Like Aaron Rodgers a year ago, Lamar Jackson’s NFL future will boil down to resolving one thing

Like Aaron Rodgers a year ago, Lamar Jackson’s NFL future will boil down to resolving one thing

A year ago, when the Green Bay Packers were watching their crossroads with Aaron Rodgers, the standoff was supposed to be about everything but his contract.

Rodgers wanted more communication with the front office, more inclusion in team planning and more respect for the grassroots veterans who built the culture. All of that, plus a gargantuan side item for the league’s reigning MVP: a reworked contract that made him Green Bay’s undisputed starter for at least the 2023 season and the accolade of being the highest-paid player in the league. NFL. When it was all over, the final tally was undeniable.

Whatever short-term promises the Packers front office couldn’t secure were met with flying colors by the long-term guaranteed money.

This is the formula that will resolve the impasse between Lamar Jackson and the Baltimore Ravens. Write it. Laminate it. Revisit it in weeks, months, years, however long it takes for the inevitable number to be reached. That’s what it was about last September. That’s what it’s all about now. And that’s what it will be about if Jackson finally plays the 2023 season under a franchise tag. Focusing it on something else is a shell game that revolves around the same problem.

Ravens head coach John Harbaugh (left) said Thursday: “One hundred percent – ​​you know, 200 percent. There’s no question about it. Lamar Jackson is our quarterback- back.” (AP Photo/Rick Scuteri)

That should have been the conclusion of Thursday’s press conference, when Ravens head coach John Harbaugh and general manager Eric DeCosta reaffirmed the same thing they’ve been saying since the start of this negotiation: they want Jackson as the Ravens’ long-term starting quarterback. ; they want to close a deal; and they’re in no rush to publicly detail why it’s all taking so long.

Somehow this has all been treated as eye-opening news, despite being the exact position the organization has been in since negotiations began. How sure is the team that Jackson is the future quarterback? Well, allow Harbaugh to add some rhetoric to drive the point home again.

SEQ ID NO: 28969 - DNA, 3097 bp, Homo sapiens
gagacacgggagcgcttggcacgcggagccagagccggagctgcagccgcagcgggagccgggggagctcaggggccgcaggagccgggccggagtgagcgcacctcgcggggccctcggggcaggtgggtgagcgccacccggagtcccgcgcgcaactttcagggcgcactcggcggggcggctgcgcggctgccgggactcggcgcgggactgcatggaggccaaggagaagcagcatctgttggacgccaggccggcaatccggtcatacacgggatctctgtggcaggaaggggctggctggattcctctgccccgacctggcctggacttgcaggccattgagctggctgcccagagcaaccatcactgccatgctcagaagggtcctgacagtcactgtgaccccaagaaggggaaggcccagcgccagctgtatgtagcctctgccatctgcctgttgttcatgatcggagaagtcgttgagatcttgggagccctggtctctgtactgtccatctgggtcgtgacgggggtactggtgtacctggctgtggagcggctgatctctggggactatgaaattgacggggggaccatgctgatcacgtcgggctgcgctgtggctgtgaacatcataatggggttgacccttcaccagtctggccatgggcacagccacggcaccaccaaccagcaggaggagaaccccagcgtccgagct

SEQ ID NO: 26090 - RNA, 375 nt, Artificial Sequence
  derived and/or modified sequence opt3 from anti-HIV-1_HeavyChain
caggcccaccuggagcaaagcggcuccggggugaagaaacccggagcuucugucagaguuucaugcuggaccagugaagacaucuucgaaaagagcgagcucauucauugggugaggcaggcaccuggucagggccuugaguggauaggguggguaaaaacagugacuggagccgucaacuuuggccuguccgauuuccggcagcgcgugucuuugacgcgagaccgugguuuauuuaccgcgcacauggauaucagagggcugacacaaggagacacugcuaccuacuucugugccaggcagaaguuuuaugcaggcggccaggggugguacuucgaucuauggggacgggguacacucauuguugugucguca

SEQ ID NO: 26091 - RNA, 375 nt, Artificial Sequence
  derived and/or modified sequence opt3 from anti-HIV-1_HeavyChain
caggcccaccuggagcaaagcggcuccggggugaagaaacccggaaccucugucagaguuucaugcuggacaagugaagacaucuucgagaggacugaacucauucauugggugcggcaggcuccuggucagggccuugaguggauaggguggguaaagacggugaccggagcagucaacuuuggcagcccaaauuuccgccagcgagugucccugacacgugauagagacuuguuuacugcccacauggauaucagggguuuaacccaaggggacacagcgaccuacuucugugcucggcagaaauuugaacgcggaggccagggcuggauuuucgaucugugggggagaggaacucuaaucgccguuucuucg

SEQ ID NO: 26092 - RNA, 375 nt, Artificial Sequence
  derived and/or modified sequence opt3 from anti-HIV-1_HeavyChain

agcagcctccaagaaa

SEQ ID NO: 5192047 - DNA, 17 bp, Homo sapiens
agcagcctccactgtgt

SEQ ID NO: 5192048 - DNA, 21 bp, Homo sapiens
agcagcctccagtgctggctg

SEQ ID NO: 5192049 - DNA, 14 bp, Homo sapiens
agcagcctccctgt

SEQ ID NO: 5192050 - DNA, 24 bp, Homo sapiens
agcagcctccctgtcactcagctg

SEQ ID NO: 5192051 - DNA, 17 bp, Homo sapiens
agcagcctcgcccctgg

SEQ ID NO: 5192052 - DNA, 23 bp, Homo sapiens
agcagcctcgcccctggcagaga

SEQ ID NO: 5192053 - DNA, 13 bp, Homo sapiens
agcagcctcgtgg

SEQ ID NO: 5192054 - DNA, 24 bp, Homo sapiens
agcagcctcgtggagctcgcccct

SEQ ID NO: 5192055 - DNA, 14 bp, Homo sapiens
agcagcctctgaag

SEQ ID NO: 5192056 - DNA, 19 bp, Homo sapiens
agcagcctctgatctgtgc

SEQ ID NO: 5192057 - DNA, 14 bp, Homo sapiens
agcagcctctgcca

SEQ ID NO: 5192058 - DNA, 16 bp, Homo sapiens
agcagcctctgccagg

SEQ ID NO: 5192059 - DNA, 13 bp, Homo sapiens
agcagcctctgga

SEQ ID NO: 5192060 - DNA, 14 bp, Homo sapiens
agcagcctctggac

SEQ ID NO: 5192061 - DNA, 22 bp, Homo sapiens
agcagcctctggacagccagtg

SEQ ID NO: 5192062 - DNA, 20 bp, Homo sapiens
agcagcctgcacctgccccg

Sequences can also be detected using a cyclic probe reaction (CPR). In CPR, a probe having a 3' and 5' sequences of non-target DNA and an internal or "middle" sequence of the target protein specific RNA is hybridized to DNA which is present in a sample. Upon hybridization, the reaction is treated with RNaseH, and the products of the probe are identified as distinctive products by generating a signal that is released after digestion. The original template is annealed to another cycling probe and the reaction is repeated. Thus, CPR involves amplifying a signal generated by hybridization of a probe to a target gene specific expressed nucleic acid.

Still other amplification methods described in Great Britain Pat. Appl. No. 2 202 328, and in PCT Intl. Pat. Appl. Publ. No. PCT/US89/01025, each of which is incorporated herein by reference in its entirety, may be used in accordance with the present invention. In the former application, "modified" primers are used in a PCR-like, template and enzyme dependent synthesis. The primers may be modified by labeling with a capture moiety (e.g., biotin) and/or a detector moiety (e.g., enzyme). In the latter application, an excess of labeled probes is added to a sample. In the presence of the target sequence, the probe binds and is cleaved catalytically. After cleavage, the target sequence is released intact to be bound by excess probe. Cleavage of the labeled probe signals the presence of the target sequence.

“One hundred percent — you know, 200 percent,” Harbaugh said Thursday. “There is no doubt about it. Lamar Jackson is our quarterback. He was our quarterback. Everything we’ve done in terms of building our attack and building our team, how we think in terms of the people around him, is based on this incredible young man and his talent and his ability and his competitiveness.”

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Yes, if you forgot the platitudes about hard work, communication and optimism, there was no shortage of them on Thursday. Just as there was no shortage of facade issues, from Jackson having comments on the next offensive coordinator, to investing in the wide receiver’s depth chart, to surrounding offensive plays ready to compete.

Surely these are all good signs when it comes to the Ravens wanting Jackson back. But again, the franchise never said they didn’t want Jackson back. What the Ravens have said — repeatedly — is that this is a tough ongoing negotiation. That the two parties have not reached an agreement. And that some contract negotiations are more difficult and time-consuming than others.

Thursday was really a one-sentence press conference that could have ended with DeCosta’s first line about his confidence in making Jackson’s extension: “It definitely takes two to tango.”

Just there. That’s it. That’s the message that it’s been in the same place all along, with two sides eyeing each other and trying to figure out the precise contract number and set of guarantees that keep Jackson in the fold for the long haul.

The ways to solve this problem are as simple as they were in August. Baltimore can meet Jackson at the full guaranteed amount they seek or Jackson can soften their stance on being close to a fully guaranteed deal. If neither happens, Baltimore can seek continued control of Jackson’s future with franchise tags and he can either accept the ride or refuse and force a trade.

This has always been the way to go, with various bridges to cross along the way. This week, negotiations are picking up where they left off. Next month, the window opens for the team to put either the franchise-exclusive tag on Jackson (potentially resulting in a salary of around $45 million) or a non-exclusive tag (projected at around $32.5 million). of dollars). The exclusive tag would mean Jackson can only negotiate with the Ravens. The non-exclusive tag would allow Jackson to negotiate a free agent contract with other teams, then allowing Baltimore to match the deal or receive two first-round picks as compensation.

This tag window opens on February 21 and runs until March 7. If both parties haven’t made an extension by then, Jackson will absolutely be tagged. This is an anticipated conclusion.

Once he’s tagged, the onus shifts to Jackson to make a decision on what the move means and how he reacts. Would he refuse to immediately sign an exclusive tag and stay away from the team all offseason? Probably yes. Would he negotiate a deal with another team if attached to a non-exclusive franchise tag? Also, probably yes. Does this all come to a meaningful crossroads? Absolutely.

One way or another, we’re going to find out just how impassable the gap is between Jackson and the Ravens. Either by the use of a specific label or by how Jackson reacts to it. The key is no greater mystery than it was when negotiations broke down last September.

This goes down Rodgers Road. There will be a lot of sideshows, resolutions and platitudes about what’s important. Money remains the main attraction. As it always has been.

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